Richland small business blames Duportail Bridge on revenue loss

RICHLAND, Wash. — On top of pandemic restrictions and rising product costs, in the past two years, Southern Belle Espresso in Richland has been through a lot.

“I’m a little exhausted, and it makes me think is it even worth staying open?” Owner William Ullom said.

Then, when the Duportail Bridge opened in December 2020, Ullom said he and his baristas were excited.

“We were told it was going to generate a ton of traffic, it was going to be a great thing for the business,” Manager Natalie Hamlin said.

But, Ullom said a small part of the project, a curb that separates traffic on Duportail, turned out to be a big issue for business.

“Ever since the curb I’ve lost customers; The complaints are, the curb, the curb the curb the curb,” he said.

“We saw that we lost a lot of our regulars, and it just didn’t bring back the business we had previously,” Hamlin said they would be packed with Hanford workers early in the morning, but that hasn’t happened since the curb was installed.

Hamlin added, the curb prevents anyone from turning left off of Riverstone Street to get back onto 240. Likewise, drivers headed east on Duportail are forced to make a U-turn if they want coffee.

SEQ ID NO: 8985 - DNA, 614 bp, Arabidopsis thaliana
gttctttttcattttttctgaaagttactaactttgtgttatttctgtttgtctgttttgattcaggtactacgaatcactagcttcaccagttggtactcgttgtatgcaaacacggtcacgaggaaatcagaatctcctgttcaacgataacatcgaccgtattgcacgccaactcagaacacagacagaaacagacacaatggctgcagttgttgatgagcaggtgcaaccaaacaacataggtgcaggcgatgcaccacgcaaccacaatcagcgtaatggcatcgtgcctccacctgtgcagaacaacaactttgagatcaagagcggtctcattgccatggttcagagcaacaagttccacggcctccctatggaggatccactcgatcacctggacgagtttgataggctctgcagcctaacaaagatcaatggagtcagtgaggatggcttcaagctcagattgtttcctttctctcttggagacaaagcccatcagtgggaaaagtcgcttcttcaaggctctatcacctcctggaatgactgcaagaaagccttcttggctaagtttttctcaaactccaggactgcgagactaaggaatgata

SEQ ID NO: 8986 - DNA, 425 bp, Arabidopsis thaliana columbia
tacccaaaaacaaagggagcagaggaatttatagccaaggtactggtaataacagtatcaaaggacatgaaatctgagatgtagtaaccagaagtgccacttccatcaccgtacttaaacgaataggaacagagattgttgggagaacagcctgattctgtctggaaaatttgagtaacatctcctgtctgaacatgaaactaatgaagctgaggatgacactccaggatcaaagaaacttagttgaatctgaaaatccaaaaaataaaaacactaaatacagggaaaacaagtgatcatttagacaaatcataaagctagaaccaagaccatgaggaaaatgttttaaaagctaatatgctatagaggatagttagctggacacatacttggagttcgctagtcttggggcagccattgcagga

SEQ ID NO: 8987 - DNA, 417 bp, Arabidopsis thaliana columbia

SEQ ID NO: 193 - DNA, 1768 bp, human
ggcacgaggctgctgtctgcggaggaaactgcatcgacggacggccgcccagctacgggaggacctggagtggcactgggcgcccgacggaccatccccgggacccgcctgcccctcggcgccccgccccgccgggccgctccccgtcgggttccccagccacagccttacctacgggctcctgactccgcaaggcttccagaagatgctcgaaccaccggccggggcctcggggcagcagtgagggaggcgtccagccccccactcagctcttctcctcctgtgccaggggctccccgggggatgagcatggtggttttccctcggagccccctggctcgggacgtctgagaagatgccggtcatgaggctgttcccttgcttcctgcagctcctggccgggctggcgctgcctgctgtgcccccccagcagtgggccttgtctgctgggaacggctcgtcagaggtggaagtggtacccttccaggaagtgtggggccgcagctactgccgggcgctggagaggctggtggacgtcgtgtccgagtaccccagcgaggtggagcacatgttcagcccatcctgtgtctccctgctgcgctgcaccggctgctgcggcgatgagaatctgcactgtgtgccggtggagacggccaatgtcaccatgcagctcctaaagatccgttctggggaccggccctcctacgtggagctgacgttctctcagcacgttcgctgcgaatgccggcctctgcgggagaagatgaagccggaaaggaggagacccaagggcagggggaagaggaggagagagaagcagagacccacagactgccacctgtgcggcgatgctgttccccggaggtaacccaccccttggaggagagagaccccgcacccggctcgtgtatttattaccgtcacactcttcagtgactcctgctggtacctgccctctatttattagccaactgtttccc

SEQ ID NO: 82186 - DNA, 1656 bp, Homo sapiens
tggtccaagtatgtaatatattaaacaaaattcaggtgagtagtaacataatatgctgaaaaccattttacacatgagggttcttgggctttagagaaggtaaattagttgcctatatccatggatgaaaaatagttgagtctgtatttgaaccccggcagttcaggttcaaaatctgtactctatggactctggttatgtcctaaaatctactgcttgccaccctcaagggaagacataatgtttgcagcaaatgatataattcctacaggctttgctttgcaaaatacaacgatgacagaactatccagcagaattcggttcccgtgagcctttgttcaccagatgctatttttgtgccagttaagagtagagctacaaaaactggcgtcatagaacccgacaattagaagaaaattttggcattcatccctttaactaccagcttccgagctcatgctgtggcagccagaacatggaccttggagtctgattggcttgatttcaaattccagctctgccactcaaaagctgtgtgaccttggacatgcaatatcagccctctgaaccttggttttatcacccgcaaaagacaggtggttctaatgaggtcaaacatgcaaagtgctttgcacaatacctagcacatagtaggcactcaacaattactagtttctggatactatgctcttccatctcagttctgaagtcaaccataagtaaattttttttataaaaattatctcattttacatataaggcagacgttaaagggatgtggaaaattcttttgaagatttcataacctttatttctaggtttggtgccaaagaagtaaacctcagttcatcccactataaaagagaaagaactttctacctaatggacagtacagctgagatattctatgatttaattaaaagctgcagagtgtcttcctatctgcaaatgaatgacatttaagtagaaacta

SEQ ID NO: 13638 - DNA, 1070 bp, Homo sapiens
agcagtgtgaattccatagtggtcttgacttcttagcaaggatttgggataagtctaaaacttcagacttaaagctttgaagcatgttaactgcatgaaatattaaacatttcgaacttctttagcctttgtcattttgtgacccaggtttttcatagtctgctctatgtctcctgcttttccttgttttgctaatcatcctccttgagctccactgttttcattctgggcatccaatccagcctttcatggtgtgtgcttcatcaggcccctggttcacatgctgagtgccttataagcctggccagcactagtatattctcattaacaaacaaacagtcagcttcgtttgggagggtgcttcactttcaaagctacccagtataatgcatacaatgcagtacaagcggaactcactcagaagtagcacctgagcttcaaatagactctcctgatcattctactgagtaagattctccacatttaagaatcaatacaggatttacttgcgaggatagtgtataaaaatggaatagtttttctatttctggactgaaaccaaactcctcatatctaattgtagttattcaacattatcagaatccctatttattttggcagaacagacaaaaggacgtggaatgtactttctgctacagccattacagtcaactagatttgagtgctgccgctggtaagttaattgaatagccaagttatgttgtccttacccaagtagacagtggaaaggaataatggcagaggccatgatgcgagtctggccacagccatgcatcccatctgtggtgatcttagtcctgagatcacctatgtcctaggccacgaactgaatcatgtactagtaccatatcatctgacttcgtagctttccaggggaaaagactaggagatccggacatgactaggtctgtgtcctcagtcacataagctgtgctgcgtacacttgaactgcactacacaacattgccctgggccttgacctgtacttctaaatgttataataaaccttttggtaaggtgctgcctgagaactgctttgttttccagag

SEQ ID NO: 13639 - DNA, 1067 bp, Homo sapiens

“They can’t get around it, they have to do crazy U-turns they have to go to the end of the bridge they have to go to that side to make U-turns; it’s a silly problem to have but it’s been detrimental,” Hamlin said.

Ullom said they’ve lost so many customers; he’s had to cut employees’ hours and work extra jobs to just get by.

“My Door Dash and Uber drivers are going down the wrong side of the road to get here to turn left because navigation is telling them to turn left, and they can’t turn left,” Ullom said he’s concerned someone will get into a wreck .

Both said they’d like to see the curb modified or removed, so they started a petition online to get the city of Richland’s attention.

However, Richland Public Works Director Pete Rogalsky said the curb is an important safety feature and the landowner should have been aware of the plans.

“It was planned that way for years; the curb is an intersection safety feature that really can’t be removed because of the number of lanes that people would have to cross and the conflicts that would be created by allowing left turns at that intersection,” Rogalsky said.

Hamlin and Ullom said they know how crucial the bridge project was for Richland but wish locally owned businesses like themselves and their neighbors, Liberty Car Wash, would’ve been taken into account.

“Thinking about my employees and their kids, their families like do I shut down or do I keep going and I’ve chose to keep going, I mean if I’ve got to work five jobs I will, I’ll continue to do what I’ve got to do to keep the place open,” he said.

Southern Belles Espresso is located at 412 Riverstone Drive in Richland.

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